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The highest performance tyre might not be the best choice for everyone. Likewise, a mid-range performance tyre has its place - it all comes down to your needs.
Category: Car Technical Advice
Even with the best brake kit and suspension setup, you'll still need tyres that are capable of holding onto the road in order to stop on a dime and handle like the car's on rails. Tyres are the only points of contact that your car has with the road, and you'll want the best you can get to keep it that way.
But what is the best tyre that you can get? Well, it depends on plenty of factors, and what your needs are. There's a reason why racing slicks aren't legal to use on public roads despite offering maximum grip in the dry - you'll likely end up in a wall when it rains. For the typical driver, there are many factors to consider apart from dry grip - it includes wet grip, noise level, comfort, longevity and price. So, here are some advice for choosing your tyres.
1. Understand that there is no 'perfect' tyre - there has to be some trade off
Like many other things in life, you simply can't have it all. Yes, that is even if you are willing to pay.
Ultra-ultra high performance tyres or trackday tyres will offer an immense level of dry grip that is comparable with semi-slick tyres of the yesteryears, all while being legal to use on the streets.
However, these tyres that are created with track duty in mind might not be the best choice for the average driver, or those who are looking for more performance out of their daily rides.
Such tyres tend to have shallower and aggressive tread patterns, which trade water displacement capabilities for maximum surface area and sturdier tread blocks in order to maximise response and grip in the dry.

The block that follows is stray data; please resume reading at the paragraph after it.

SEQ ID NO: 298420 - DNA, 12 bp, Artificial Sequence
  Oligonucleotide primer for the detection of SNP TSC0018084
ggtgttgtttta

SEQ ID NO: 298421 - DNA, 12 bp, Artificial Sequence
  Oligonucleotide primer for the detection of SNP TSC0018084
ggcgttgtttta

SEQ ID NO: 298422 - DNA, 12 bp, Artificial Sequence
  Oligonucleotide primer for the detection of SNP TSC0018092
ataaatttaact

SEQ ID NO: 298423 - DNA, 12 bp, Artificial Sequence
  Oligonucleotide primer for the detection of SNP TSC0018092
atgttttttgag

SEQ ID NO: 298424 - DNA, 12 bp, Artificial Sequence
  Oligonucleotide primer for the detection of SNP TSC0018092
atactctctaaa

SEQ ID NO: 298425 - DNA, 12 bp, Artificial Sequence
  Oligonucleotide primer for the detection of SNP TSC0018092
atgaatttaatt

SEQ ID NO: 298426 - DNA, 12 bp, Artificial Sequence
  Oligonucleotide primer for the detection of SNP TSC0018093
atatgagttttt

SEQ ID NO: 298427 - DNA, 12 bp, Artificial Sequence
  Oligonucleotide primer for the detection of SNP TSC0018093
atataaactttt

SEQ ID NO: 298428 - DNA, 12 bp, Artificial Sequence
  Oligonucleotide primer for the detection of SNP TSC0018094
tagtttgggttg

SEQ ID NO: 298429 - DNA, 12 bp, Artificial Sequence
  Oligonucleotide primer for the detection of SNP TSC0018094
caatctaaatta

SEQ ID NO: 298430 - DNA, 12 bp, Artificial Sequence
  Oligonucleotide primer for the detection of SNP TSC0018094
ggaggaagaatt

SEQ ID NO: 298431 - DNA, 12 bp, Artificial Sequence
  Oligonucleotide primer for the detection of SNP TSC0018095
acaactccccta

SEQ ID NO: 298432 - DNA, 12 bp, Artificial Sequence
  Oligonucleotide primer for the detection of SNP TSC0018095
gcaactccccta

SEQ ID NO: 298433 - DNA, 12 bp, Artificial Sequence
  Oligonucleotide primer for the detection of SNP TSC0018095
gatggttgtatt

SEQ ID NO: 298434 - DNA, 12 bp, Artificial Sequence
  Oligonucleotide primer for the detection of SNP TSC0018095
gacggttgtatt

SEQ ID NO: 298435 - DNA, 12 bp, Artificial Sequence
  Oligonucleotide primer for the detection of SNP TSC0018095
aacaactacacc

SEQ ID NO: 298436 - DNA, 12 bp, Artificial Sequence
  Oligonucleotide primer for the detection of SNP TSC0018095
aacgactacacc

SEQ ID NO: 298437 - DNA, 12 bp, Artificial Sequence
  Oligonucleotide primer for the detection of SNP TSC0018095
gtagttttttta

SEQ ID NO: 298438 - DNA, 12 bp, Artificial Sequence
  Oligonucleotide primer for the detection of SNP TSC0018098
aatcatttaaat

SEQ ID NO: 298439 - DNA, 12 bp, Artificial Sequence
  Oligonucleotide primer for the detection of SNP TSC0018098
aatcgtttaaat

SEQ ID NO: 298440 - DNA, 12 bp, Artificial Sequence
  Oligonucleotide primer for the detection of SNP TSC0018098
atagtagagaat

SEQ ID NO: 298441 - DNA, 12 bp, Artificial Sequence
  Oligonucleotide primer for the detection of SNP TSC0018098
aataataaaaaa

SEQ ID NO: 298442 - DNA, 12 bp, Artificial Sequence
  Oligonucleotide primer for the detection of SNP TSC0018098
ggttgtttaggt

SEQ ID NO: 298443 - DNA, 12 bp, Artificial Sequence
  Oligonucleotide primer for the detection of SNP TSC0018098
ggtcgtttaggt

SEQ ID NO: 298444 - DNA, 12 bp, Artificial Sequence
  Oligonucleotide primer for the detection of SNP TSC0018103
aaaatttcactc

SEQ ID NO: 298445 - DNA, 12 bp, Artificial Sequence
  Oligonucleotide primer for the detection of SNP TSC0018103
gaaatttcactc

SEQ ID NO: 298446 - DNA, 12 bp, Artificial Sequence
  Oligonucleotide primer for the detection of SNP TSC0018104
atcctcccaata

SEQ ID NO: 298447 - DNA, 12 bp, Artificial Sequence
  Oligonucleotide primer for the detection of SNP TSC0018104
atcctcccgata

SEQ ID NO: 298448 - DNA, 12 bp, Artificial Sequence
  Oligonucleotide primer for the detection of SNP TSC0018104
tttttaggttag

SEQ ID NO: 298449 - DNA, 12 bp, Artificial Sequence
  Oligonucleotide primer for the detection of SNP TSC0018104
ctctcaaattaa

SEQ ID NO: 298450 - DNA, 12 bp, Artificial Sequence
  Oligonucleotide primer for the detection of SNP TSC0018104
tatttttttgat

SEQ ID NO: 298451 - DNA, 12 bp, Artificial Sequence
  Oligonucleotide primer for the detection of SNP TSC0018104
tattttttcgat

As such, these 'trackday tyres' might not fare as well in the wet as other less performance-oriented tyres. Additionally, these purpose-built tyres will also wear out much quicker due to their sticky and soft compound.
Similarly, you shouldn't expect an eco tyre that's focused on longevity and fuel economy to provide gobs of grip at the race track - there is always a trade off. This brings us to the next point...
2. Know your needs, don't buy blindly
Since there isn't an omnipotent tyre that does everything perfectly, you will have to consider your needs and preferences, in order to choose the most suitable tyre.
If you wouldn't buy a set of winter tyres to use in Singapore, why would you go for a set of trackday tyres for your daily transportation?
The type of car and driving that you do affects your choice of tyres. High-powered performance cars will benefit from tyres with matching performance. In fact, you'll notice supercars and high-performance sports cars tend to come equipped with grippy tyres right out of the factory.
Of course, there's no one stopping you from putting a set of sticky ultra-ultra high performance tyres on your econobox. But you should be aware of the downsides of doing so - these tyres are costly and wear out fast. Furthermore they tend to generate jarring road noise and perform poorly in the wet. Are you ready to live with these consequences?
In most cases, a set of performance tyres that sits a tier or two lower than a hardcore 'trackday tyre' would already bring about a sufficient level of grip and control without as many downsides when used on a daily car. So, don't just splurge for the most expensive and grippiest tyre available without thinking it through.